5 Connectionist Approaches to Artificial Intelligence

In “A Brief History of Connectionism” [?] Medler traces the roots of connectionism from Aristotelian associationism to contemporary connectionist research. Connectionism is a revision of some ideas rooted in empiricism and associationism. Both associationism and empiricism consider the role of the environment as integral to human behaviour:

Empiricism emphasizes the role of culture, education and life experiences as determinants of human abilities and proclivities, while associationism identifies pairwise links between individual elements of experience, either subjective or behavioral, as the main process of such psychological change. [?]

In terms of the importance of context these roots of connectionism are methodologically compatible with my research interests. Connectionism in the contemporary sense, coined as “New Connectionism” by Thorndike, “is characterized by computationally powerful networks that can be fully trained” [?]. These networks act as both “…very powerful information processors…” and as “…arbitrary pattern classifiers” [?].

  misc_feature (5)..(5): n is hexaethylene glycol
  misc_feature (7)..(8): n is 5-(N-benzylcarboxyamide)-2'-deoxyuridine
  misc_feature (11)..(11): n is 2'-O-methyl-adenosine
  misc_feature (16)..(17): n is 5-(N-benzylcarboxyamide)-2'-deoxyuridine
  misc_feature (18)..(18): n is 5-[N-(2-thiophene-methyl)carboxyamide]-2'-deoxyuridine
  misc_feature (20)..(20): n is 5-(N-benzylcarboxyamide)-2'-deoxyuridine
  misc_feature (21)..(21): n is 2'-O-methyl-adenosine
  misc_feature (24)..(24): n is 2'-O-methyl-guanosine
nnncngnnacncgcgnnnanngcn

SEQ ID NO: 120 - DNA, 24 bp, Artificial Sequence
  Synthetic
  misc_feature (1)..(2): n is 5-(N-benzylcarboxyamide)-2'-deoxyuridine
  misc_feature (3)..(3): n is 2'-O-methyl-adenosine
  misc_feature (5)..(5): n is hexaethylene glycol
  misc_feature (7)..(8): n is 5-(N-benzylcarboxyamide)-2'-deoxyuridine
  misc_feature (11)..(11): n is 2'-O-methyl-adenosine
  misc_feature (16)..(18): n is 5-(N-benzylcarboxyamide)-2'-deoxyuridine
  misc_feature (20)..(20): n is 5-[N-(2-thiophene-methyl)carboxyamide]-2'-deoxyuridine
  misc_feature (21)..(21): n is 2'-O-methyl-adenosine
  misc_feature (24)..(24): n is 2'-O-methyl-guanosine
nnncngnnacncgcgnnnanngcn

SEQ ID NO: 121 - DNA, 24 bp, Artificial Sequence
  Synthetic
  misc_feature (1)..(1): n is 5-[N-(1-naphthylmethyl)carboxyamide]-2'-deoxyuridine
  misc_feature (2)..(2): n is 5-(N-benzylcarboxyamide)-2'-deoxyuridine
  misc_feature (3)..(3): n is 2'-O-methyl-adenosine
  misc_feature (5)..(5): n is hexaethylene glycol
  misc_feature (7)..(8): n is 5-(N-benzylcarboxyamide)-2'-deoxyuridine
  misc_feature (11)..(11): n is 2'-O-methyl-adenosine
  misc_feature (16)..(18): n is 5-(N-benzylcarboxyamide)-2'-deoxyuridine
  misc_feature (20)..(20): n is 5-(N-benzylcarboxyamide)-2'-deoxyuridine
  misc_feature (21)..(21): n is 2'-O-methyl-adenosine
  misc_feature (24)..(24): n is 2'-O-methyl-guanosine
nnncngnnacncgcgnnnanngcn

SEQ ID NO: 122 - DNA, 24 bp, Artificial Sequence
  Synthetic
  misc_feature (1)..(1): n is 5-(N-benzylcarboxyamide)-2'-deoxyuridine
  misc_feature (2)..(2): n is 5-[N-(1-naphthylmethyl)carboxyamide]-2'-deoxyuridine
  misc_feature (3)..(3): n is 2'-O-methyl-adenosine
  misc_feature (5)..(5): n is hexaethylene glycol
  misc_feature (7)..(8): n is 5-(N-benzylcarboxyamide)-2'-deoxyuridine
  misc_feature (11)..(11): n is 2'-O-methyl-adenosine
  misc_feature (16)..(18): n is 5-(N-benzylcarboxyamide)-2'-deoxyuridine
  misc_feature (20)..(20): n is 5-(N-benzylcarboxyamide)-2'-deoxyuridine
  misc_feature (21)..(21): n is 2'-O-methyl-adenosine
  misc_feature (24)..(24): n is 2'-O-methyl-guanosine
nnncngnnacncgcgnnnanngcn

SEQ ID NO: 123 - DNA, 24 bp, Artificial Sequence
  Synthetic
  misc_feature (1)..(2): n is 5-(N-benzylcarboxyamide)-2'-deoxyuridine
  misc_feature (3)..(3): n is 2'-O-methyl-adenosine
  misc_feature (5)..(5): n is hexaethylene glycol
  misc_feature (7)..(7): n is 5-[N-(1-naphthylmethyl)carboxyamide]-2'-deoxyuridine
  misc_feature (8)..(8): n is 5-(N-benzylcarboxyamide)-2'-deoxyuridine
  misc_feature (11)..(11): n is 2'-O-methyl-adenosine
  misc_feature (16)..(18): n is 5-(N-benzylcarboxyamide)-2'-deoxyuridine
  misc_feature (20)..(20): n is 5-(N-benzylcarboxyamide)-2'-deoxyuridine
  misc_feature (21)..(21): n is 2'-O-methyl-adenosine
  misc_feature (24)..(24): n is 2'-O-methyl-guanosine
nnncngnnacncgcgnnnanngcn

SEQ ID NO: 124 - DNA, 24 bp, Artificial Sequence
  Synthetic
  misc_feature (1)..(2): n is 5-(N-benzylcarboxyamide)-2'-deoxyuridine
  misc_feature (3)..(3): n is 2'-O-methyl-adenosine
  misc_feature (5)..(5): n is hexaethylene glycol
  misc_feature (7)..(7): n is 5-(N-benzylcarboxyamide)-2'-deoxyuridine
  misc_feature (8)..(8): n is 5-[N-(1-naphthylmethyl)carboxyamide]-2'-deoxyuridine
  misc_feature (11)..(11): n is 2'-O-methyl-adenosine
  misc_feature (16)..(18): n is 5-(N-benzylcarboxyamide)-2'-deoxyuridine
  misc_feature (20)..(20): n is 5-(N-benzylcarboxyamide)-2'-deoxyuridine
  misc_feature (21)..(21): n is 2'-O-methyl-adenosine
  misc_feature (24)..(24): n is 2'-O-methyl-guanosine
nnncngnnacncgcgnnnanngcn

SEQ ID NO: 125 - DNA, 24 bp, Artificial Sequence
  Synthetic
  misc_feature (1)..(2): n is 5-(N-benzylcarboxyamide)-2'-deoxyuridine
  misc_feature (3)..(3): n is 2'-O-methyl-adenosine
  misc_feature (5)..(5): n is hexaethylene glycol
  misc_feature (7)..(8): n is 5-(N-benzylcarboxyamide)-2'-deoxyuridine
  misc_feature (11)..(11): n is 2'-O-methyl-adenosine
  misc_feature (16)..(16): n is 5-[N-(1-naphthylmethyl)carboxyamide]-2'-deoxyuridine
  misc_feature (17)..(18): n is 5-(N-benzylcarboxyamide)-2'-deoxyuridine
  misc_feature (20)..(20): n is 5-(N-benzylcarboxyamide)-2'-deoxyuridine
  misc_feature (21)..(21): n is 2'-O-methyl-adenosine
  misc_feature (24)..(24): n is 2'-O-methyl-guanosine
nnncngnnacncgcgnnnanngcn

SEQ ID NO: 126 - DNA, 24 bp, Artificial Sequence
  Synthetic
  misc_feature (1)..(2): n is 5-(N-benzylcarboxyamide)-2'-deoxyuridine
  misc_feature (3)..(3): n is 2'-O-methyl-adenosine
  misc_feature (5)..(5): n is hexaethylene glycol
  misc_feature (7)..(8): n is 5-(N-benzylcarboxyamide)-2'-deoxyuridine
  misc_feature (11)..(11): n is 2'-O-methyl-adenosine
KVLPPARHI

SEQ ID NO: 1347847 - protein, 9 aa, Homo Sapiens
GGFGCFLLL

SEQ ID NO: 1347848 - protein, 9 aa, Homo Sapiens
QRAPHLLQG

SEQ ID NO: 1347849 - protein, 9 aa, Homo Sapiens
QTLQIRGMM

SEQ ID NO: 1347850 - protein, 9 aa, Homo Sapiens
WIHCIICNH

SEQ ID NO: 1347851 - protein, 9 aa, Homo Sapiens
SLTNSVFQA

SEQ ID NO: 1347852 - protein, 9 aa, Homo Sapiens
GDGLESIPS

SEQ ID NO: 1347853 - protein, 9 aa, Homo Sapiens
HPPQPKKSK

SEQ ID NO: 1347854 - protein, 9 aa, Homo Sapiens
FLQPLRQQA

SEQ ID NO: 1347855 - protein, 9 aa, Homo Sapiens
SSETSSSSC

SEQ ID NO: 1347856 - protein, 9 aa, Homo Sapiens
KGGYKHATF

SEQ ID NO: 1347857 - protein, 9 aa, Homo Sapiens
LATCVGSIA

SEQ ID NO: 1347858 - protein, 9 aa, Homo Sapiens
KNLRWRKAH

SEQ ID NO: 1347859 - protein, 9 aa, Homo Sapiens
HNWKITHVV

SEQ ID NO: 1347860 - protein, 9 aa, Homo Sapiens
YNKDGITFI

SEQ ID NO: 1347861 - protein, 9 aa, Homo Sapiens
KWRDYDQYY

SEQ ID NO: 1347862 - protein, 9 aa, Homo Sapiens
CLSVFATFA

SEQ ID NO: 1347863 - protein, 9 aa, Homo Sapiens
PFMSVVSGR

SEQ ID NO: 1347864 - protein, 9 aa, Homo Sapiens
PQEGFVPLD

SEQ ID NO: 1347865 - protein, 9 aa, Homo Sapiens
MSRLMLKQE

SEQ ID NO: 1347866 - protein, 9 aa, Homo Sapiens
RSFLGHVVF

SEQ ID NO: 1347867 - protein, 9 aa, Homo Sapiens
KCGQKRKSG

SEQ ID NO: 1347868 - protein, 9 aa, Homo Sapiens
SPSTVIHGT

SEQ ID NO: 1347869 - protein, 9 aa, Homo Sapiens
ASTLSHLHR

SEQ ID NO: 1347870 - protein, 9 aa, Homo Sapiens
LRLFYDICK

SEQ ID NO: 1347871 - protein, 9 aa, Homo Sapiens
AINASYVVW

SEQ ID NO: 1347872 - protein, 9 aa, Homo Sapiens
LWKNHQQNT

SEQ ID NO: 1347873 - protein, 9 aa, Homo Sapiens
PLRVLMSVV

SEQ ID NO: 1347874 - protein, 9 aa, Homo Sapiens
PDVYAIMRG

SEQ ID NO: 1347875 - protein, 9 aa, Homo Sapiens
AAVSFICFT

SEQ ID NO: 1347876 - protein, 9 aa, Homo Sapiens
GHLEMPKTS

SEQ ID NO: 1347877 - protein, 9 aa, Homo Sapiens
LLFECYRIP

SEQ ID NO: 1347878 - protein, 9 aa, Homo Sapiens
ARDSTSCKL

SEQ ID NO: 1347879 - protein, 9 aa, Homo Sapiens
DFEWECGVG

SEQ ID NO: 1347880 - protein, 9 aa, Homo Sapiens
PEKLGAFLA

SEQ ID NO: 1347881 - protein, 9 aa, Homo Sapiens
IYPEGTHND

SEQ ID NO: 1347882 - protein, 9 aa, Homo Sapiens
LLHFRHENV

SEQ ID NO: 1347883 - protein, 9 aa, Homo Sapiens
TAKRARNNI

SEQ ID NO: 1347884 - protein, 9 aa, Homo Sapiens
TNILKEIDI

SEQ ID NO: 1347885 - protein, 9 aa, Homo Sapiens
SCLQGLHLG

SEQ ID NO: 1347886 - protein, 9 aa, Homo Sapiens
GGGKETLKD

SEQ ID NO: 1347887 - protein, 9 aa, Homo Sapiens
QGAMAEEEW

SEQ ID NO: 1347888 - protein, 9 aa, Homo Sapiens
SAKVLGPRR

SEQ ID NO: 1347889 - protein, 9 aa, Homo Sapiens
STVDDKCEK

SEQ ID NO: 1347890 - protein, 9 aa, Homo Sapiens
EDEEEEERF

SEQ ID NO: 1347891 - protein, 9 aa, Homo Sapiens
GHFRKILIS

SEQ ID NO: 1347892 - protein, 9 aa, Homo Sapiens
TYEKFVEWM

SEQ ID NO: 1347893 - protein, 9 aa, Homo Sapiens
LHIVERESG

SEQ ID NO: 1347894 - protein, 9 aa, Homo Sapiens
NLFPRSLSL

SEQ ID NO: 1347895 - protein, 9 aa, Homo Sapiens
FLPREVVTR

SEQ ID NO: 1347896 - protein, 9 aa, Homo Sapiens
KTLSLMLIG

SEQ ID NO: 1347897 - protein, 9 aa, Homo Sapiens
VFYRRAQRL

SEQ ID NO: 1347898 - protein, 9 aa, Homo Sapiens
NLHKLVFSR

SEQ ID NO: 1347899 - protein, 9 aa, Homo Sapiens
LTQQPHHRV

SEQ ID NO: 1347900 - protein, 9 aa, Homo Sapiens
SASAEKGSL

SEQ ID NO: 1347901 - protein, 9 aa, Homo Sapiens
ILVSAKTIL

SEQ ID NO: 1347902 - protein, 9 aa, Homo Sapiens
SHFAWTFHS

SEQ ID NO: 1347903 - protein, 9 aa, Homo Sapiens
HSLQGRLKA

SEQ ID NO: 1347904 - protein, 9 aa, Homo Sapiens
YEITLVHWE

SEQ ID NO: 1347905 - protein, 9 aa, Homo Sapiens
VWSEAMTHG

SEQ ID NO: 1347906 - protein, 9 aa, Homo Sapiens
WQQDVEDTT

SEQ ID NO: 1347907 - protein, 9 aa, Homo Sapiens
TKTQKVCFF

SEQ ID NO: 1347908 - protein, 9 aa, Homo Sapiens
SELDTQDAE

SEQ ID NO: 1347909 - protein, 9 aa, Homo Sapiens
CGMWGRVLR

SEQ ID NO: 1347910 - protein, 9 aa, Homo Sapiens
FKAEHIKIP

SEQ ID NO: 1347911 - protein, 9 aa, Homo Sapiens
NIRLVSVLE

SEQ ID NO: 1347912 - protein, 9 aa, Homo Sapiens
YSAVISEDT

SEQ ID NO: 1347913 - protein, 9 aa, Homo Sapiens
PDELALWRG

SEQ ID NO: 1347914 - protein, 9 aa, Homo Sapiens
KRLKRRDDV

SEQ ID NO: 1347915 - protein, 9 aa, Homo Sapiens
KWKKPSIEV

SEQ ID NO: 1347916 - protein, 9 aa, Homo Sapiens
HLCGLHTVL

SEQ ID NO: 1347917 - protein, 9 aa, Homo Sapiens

Connectionist systems are networks of simple units that combine to form complex structures that act as Parallel Distributed Processors (PDPs). Connectionist networks are inspired by human neurophysiology.

5.1 How Do Connectionist Approaches̛ Relate to this Project?

The central purpose of this research program, to allow artworks to define their own relationship to context without the artist defining them a priori, closely fits with connectionist approaches according to Walker:

The recent origins of PDP are in “random self-organizing networks” and its goal frequently seems to be to account for perception with the minimum of innate preconditions.